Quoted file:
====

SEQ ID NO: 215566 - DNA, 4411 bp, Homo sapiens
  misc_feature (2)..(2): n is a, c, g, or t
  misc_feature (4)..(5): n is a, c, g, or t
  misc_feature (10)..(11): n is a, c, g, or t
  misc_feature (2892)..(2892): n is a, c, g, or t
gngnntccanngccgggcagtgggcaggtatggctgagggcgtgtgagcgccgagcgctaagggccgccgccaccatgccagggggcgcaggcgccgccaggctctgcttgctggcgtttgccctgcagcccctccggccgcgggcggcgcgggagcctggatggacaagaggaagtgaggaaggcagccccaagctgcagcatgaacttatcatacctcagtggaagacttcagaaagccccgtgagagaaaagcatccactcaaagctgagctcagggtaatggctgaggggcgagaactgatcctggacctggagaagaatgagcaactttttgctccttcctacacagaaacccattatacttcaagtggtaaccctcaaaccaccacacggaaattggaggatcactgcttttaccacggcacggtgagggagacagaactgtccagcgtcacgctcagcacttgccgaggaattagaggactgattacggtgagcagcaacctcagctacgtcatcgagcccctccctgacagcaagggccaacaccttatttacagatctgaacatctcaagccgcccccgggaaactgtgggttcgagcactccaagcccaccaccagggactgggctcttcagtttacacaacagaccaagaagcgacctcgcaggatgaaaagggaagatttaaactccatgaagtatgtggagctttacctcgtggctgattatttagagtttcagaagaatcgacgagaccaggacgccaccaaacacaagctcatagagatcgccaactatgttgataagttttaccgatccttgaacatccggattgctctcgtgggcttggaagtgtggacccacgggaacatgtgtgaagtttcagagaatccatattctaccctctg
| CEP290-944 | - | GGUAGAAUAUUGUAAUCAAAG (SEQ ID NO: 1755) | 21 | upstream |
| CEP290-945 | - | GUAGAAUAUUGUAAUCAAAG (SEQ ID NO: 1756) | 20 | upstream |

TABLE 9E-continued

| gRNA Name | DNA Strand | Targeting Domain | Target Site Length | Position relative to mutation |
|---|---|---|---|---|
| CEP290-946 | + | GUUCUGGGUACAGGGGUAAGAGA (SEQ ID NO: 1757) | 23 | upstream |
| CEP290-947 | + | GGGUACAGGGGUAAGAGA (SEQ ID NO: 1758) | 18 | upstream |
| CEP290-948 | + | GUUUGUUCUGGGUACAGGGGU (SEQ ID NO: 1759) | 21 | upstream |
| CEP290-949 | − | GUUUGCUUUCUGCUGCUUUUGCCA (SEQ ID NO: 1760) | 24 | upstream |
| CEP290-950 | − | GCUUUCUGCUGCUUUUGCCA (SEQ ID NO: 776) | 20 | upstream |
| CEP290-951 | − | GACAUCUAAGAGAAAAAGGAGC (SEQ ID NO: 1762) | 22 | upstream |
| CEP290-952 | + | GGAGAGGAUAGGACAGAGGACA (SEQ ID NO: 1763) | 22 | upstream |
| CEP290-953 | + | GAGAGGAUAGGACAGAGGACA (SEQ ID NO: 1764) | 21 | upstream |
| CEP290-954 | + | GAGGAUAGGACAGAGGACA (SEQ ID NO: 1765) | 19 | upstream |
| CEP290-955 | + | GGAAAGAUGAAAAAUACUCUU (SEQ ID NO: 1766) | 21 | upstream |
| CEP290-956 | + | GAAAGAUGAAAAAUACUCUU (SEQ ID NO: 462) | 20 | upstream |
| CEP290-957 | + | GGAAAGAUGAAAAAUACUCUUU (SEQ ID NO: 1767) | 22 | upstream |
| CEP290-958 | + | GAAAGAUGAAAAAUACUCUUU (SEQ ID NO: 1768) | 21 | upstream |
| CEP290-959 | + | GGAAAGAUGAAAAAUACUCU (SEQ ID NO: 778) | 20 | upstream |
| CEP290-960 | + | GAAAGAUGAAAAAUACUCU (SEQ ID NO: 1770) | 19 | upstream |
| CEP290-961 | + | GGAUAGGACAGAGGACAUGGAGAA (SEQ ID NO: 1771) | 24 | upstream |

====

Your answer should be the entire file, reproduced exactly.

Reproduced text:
SEQ ID NO: 215566 - DNA, 4411 bp, Homo sapiens
  misc_feature (2)..(2): n is a, c, g, or t
  misc_feature (4)..(5): n is a, c, g, or t
  misc_feature (10)..(11): n is a, c, g, or t
  misc_feature (2892)..(2892): n is a, c, g, or t
gngnntccanngccgggcagtgggcaggtatggctgagggcgtgtgagcgccgagcgctaagggccgccgccaccatgccagggggcgcaggcgccgccaggctctgcttgctggcgtttgccctgcagcccctccggccgcgggcggcgcgggagcctggatggacaagaggaagtgaggaaggcagccccaagctgcagcatgaacttatcatacctcagtggaagacttcagaaagccccgtgagagaaaagcatccactcaaagctgagctcagggtaatggctgaggggcgagaactgatcctggacctggagaagaatgagcaactttttgctccttcctacacagaaacccattatacttcaagtggtaaccctcaaaccaccacacggaaattggaggatcactgcttttaccacggcacggtgagggagacagaactgtccagcgtcacgctcagcacttgccgaggaattagaggactgattacggtgagcagcaacctcagctacgtcatcgagcccctccctgacagcaagggccaacaccttatttacagatctgaacatctcaagccgcccccgggaaactgtgggttcgagcactccaagcccaccaccagggactgggctcttcagtttacacaacagaccaagaagcgacctcgcaggatgaaaagggaagatttaaactccatgaagtatgtggagctttacctcgtggctgattatttagagtttcagaagaatcgacgagaccaggacgccaccaaacacaagctcatagagatcgccaactatgttgataagttttaccgatccttgaacatccggattgctctcgtgggcttggaagtgtggacccacgggaacatgtgtgaagtttcagagaatccatattctaccctctg
| CEP290-944 | - | GGUAGAAUAUUGUAAUCAAAG (SEQ ID NO: 1755) | 21 | upstream |
| CEP290-945 | - | GUAGAAUAUUGUAAUCAAAG (SEQ ID NO: 1756) | 20 | upstream |

TABLE 9E-continued

| gRNA Name | DNA Strand | Targeting Domain | Target Site Length | Position relative to mutation |
|---|---|---|---|---|
| CEP290-946 | + | GUUCUGGGUACAGGGGUAAGAGA (SEQ ID NO: 1757) | 23 | upstream |
| CEP290-947 | + | GGGUACAGGGGUAAGAGA (SEQ ID NO: 1758) | 18 | upstream |
| CEP290-948 | + | GUUUGUUCUGGGUACAGGGGU (SEQ ID NO: 1759) | 21 | upstream |
| CEP290-949 | − | GUUUGCUUUCUGCUGCUUUUGCCA (SEQ ID NO: 1760) | 24 | upstream |
| CEP290-950 | − | GCUUUCUGCUGCUUUUGCCA (SEQ ID NO: 776) | 20 | upstream |
| CEP290-951 | − | GACAUCUAAGAGAAAAAGGAGC (SEQ ID NO: 1762) | 22 | upstream |
| CEP290-952 | + | GGAGAGGAUAGGACAGAGGACA (SEQ ID NO: 1763) | 22 | upstream |
| CEP290-953 | + | GAGAGGAUAGGACAGAGGACA (SEQ ID NO: 1764) | 21 | upstream |
| CEP290-954 | + | GAGGAUAGGACAGAGGACA (SEQ ID NO: 1765) | 19 | upstream |
| CEP290-955 | + | GGAAAGAUGAAAAAUACUCUU (SEQ ID NO: 1766) | 21 | upstream |
| CEP290-956 | + | GAAAGAUGAAAAAUACUCUU (SEQ ID NO: 462) | 20 | upstream |
| CEP290-957 | + | GGAAAGAUGAAAAAUACUCUUU (SEQ ID NO: 1767) | 22 | upstream |
| CEP290-958 | + | GAAAGAUGAAAAAUACUCUUU (SEQ ID NO: 1768) | 21 | upstream |
| CEP290-959 | + | GGAAAGAUGAAAAAUACUCU (SEQ ID NO: 778) | 20 | upstream |
| CEP290-960 | + | GAAAGAUGAAAAAUACUCU (SEQ ID NO: 1770) | 19 | upstream |
| CEP290-961 | + | GGAUAGGACAGAGGACAUGGAGAA (SEQ ID NO: 1771) | 24 | upstream |